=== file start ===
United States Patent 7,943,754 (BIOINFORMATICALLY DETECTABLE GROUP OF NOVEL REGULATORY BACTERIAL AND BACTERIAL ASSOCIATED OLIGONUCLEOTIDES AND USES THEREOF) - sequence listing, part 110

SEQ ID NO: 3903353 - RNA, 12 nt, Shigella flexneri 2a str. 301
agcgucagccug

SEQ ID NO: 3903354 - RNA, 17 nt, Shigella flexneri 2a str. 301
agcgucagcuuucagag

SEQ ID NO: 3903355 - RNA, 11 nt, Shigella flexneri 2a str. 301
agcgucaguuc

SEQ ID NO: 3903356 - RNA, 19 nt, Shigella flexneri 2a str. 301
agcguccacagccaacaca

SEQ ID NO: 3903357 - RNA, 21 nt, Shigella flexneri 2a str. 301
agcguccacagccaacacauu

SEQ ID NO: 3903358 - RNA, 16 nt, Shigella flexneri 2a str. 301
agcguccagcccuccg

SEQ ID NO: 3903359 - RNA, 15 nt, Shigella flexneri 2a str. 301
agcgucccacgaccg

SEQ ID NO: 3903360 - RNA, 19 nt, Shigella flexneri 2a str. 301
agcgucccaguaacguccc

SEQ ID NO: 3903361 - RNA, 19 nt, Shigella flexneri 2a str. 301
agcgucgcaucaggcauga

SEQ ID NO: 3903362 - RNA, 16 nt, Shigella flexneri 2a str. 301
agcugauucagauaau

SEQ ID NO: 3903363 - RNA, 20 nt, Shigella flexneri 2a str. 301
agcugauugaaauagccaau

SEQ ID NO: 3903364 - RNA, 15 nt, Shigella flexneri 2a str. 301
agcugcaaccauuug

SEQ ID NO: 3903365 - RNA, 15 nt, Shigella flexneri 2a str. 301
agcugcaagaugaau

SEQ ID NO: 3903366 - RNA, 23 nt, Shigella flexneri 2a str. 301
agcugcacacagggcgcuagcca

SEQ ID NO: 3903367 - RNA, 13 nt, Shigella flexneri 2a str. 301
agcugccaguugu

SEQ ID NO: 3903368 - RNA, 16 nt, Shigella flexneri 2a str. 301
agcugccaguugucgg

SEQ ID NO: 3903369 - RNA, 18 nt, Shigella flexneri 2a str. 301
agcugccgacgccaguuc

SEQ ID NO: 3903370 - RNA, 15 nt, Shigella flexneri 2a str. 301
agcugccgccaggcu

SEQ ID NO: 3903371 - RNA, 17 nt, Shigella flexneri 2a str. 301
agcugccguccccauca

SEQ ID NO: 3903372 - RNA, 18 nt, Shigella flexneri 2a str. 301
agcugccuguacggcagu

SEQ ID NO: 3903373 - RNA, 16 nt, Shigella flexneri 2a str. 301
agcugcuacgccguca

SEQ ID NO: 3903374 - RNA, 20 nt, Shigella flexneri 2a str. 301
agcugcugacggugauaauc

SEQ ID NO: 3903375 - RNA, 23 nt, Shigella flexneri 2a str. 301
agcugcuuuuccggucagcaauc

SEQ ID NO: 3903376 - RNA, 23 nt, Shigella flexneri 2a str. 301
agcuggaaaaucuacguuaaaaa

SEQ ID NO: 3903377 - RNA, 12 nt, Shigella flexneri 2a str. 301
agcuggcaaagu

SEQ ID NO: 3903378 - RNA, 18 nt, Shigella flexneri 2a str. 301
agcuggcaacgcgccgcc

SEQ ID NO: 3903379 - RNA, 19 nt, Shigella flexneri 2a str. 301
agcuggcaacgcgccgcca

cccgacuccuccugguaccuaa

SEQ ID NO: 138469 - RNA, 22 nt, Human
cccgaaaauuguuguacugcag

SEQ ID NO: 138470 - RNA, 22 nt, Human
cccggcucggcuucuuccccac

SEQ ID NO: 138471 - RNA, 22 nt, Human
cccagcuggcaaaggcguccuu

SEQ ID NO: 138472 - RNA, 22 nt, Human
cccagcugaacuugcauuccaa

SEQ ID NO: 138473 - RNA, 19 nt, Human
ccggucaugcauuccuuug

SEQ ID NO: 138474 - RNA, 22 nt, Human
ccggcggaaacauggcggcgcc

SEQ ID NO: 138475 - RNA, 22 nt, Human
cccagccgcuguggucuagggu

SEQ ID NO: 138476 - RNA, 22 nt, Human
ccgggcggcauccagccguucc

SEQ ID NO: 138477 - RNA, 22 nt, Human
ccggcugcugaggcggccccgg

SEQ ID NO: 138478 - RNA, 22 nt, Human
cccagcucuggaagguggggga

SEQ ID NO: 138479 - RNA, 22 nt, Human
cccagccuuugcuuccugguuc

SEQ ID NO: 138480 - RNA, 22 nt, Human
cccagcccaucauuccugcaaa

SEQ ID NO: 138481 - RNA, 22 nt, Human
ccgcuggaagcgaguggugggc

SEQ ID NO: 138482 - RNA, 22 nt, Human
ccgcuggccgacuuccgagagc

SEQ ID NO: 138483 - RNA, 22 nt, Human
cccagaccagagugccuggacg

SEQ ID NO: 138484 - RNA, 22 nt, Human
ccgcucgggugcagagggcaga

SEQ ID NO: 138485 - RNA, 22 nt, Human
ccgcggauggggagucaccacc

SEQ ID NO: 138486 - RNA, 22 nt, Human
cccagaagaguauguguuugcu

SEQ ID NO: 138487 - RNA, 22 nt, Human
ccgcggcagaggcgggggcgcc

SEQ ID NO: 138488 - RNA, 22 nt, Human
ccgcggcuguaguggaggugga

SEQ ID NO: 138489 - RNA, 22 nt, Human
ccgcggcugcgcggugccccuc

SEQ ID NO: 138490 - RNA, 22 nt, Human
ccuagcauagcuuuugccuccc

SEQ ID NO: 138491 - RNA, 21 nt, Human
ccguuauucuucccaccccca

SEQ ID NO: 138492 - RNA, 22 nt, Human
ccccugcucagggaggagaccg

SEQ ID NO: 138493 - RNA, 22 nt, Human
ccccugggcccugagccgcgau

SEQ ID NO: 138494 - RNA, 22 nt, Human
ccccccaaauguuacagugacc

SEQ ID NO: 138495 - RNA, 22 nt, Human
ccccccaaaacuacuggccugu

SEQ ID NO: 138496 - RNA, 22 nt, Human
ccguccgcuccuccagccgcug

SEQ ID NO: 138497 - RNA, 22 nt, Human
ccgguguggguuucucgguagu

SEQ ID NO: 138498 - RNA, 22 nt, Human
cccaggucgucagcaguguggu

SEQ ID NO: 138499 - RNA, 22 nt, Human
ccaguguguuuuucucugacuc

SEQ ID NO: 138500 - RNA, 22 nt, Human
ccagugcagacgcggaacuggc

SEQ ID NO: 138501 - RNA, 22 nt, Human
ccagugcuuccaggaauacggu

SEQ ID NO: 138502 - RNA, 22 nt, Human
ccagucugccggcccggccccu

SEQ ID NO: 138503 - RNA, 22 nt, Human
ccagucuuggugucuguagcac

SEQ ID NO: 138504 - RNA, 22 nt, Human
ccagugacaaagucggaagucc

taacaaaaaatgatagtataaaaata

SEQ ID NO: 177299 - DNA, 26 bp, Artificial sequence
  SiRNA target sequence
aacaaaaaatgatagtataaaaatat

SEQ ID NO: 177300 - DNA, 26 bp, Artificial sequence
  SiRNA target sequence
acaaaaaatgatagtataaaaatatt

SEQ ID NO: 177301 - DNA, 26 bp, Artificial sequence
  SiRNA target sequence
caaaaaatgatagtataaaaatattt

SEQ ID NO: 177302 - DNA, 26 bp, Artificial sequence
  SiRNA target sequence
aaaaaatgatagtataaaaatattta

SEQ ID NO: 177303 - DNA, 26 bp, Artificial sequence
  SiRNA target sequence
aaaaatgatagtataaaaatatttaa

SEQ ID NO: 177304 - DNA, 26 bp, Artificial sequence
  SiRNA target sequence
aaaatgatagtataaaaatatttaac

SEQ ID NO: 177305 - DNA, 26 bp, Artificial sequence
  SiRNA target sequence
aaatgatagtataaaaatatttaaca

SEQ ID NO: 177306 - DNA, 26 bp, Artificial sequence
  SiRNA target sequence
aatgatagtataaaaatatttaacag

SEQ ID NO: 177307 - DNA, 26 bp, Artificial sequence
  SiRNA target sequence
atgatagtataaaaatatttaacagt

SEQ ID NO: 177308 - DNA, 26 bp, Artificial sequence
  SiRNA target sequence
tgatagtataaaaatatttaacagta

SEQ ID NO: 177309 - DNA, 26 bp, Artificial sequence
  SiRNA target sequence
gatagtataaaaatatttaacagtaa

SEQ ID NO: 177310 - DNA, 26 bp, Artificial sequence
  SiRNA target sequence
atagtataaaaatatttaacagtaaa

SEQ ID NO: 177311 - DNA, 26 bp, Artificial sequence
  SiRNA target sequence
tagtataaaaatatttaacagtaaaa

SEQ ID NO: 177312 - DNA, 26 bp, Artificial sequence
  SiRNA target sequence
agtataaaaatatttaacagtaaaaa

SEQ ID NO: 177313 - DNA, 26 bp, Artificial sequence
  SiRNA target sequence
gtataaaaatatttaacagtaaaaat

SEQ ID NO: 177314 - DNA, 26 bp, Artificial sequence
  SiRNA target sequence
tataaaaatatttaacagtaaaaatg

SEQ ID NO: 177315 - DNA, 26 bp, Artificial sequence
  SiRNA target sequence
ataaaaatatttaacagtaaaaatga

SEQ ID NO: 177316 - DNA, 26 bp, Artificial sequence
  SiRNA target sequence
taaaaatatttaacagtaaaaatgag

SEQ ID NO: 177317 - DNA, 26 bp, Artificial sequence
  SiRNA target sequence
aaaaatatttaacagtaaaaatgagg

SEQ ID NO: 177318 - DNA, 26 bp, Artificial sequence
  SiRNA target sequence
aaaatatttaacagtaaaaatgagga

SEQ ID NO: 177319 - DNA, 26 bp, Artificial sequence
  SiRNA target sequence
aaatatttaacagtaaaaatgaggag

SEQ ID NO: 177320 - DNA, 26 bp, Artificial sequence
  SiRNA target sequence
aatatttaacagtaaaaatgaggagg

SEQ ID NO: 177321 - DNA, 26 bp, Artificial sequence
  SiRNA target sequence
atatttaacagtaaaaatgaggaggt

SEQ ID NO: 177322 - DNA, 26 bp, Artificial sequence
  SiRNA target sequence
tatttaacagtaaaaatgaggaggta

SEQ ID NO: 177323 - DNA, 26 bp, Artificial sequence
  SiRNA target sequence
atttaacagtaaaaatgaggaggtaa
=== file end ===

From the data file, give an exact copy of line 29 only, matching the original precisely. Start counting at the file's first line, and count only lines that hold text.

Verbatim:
agcugcacacagggcgcuagcca